Politics and the Tradition of American Humor: Ben Franklin to Stephen Colbert
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|Course Dates||Weeks||Meeting Times||Status||Instructor(s)||CRN|
|July 15, 2013 - July 26, 2013||2||M-F 9A-11:50A||Waitlisted||Sachelle Ford||10451|
Starting with satirical writing from the 18th century and continuing to the late-night television satire of today, this course examines how humor has been used to explore the political and social issues of the time. Jon Stewart's "fake news" uses irony and sarcasm to blur the divide between "real" and "fake" news, while Stephen Colbert's concept of "truthiness," demonstrates the absurdity of a "truth," or that which masquerades as truth. These programs are popular because they intend to collapse the divisions between entertainment and edification. We will explore the tradition of American humor, a tradition born in the founding of our country for the purpose of enacting social change. Humor is perhaps the only genre to have been popular with both our founding fathers and to remain popular today. As scholars of American Studies have noted, understanding the tradition of American humor allows us to understand the archetypal American figures of our collective consciousness.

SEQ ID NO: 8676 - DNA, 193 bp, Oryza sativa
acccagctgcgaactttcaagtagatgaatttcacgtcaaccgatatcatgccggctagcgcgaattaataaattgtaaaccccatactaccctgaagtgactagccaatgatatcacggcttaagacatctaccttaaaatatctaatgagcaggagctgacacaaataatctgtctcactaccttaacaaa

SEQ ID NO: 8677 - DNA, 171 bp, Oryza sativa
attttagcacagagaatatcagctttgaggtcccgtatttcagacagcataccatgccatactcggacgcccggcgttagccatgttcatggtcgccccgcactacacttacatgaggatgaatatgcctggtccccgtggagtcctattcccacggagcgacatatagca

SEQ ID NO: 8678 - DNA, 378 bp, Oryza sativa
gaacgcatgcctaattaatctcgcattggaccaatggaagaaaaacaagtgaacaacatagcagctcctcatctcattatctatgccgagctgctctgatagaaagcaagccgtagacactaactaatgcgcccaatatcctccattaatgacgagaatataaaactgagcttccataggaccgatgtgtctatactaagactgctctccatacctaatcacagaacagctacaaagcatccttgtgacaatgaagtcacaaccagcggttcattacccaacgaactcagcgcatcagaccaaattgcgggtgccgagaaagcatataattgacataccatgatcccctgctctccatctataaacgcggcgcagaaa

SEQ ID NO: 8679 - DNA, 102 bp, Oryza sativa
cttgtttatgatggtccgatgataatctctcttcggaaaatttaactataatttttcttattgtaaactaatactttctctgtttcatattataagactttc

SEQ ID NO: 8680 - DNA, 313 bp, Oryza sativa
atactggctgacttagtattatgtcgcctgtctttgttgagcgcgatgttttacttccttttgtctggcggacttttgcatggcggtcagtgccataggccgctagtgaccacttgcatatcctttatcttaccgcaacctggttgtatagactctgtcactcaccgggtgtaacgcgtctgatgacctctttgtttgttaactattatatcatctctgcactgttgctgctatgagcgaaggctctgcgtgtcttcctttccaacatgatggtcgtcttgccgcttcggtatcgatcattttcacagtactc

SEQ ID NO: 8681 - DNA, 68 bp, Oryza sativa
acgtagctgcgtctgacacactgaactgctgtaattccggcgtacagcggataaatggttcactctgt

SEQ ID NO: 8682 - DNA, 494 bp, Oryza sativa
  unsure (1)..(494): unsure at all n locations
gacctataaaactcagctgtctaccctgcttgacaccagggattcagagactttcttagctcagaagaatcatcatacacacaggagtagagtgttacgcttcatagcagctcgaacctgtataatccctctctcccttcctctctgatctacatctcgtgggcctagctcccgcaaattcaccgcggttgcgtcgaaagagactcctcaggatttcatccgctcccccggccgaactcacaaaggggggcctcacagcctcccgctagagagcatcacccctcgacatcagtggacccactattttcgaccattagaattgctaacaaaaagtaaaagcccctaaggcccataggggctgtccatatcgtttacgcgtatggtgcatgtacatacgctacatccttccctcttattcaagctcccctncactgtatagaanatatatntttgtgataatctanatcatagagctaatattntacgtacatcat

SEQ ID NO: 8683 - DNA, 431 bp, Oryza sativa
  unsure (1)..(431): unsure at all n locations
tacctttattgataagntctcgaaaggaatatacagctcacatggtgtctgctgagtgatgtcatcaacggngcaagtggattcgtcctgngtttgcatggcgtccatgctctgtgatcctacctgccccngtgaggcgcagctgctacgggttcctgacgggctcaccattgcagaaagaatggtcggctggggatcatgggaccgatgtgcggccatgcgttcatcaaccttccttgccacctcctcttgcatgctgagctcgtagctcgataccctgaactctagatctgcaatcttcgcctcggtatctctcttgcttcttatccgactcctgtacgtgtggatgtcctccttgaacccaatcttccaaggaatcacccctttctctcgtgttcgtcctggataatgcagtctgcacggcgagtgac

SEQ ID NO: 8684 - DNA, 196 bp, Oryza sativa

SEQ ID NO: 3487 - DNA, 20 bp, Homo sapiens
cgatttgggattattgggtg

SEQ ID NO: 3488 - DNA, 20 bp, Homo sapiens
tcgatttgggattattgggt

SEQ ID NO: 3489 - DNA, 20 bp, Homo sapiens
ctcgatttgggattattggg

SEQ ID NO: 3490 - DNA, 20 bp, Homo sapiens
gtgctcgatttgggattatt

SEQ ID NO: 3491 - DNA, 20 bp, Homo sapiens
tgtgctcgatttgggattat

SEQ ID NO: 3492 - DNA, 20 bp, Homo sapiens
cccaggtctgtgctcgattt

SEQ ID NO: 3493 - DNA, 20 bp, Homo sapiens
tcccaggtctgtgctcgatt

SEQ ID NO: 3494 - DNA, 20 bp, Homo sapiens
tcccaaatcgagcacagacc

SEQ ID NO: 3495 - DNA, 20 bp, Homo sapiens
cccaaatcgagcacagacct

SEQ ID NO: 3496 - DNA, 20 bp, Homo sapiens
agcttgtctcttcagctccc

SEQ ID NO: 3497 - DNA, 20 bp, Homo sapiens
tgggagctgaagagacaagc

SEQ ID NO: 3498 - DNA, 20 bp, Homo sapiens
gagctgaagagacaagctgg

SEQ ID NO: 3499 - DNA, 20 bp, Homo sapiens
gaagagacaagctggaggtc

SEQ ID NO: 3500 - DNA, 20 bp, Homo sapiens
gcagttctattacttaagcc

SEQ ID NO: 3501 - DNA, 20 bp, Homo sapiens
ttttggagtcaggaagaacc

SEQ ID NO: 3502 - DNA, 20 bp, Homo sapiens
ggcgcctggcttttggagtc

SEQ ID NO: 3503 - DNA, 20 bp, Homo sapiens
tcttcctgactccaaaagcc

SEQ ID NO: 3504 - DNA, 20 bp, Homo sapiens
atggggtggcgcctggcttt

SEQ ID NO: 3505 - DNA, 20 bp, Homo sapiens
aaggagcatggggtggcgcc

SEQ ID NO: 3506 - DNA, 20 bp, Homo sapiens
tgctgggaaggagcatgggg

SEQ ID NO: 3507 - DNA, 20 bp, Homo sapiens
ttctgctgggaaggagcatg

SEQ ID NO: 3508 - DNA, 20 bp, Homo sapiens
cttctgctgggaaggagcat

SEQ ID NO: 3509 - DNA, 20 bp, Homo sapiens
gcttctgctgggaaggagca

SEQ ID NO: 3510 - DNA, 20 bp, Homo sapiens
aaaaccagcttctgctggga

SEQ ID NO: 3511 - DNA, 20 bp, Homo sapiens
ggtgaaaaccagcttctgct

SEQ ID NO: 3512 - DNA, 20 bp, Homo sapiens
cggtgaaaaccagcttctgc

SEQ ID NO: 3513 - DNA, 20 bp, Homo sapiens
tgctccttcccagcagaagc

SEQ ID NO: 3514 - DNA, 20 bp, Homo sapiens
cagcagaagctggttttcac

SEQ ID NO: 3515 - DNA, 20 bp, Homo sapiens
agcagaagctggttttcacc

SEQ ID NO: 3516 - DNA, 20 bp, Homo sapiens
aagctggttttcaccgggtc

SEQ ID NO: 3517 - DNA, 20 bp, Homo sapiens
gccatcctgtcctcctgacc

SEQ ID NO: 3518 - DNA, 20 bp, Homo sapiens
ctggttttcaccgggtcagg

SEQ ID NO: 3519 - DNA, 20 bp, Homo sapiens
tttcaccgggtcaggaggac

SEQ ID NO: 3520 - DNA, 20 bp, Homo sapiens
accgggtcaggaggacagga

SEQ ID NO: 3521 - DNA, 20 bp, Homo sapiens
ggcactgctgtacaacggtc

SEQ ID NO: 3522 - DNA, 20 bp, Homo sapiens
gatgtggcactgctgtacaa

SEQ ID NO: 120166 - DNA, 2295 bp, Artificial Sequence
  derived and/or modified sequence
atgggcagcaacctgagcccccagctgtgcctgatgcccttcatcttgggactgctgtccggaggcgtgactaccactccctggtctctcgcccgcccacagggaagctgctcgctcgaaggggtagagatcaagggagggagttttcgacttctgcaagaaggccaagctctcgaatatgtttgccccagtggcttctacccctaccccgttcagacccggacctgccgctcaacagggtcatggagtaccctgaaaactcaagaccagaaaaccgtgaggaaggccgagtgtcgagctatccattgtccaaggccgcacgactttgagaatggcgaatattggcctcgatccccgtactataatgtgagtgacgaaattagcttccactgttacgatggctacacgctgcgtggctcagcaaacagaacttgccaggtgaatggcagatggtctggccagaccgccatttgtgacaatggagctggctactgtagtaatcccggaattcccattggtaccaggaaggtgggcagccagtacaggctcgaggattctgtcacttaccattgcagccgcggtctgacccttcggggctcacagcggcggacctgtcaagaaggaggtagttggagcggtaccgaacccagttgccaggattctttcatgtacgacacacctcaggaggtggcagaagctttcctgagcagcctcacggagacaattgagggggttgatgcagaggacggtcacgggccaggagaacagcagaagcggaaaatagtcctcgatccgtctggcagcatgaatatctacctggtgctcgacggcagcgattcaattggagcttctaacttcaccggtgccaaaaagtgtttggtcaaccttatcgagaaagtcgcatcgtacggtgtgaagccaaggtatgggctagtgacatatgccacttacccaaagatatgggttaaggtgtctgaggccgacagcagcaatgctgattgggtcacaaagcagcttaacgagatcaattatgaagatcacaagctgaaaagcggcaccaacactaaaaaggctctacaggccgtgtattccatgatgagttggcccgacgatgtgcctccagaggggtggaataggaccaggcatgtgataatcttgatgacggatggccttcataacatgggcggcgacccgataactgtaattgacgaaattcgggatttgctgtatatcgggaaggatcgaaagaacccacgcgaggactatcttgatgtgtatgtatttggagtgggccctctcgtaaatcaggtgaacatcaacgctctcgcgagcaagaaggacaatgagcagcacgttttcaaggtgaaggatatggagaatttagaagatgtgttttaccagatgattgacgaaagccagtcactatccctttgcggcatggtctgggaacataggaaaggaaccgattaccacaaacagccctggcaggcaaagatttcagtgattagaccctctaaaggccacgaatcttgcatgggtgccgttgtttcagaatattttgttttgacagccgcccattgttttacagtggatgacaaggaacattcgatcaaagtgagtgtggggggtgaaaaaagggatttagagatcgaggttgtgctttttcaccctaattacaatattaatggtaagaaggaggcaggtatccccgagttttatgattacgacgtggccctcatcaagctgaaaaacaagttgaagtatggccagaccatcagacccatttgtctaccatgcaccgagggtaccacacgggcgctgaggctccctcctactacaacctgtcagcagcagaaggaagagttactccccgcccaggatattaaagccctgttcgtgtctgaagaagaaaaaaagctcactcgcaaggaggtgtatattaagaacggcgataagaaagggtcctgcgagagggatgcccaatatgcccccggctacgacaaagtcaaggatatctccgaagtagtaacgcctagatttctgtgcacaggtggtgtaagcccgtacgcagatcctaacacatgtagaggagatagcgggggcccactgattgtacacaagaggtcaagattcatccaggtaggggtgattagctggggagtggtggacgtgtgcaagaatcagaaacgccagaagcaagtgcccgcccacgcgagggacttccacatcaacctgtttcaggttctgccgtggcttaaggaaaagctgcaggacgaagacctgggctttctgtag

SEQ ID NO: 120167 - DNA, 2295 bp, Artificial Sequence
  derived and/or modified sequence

We will consider how humor operates; how what is considered humorous changes across historical periods and what this tells us about these periods. We will analyze the humorist, the intended audience, the form, and the content of the text to gain insight into the social climate of the age.
By studying the works of Benjamin Franklin, Mark Twain, Burt Williams, the Marx Brothers, Richard Pryor, Lenny Bruce and the television shows I Love Lucy, Looney Toons, Saturday Night Live, Seinfeld, The Chapelle Show, The Office, Modern Family, The Daily Show, and The Colbert Report we will engage in the social debates concerning race relations, gender roles, and divisions in socio-economic class in America. Ancillary material will be drawn from contemporary American Studies scholarship as well as historical documents and contextualizing material.
Students will be able to close read and analyze different mediums, including the short-story, the essay, the cartoon, the sit-com, short film, and stand-up comedy. They will also gain a knowledge of pivotal moments in American cultural history from the 18th-century through today. Students will have the opportunity to improve their close reading and critical writing skills through assigned short response papers and formal essays.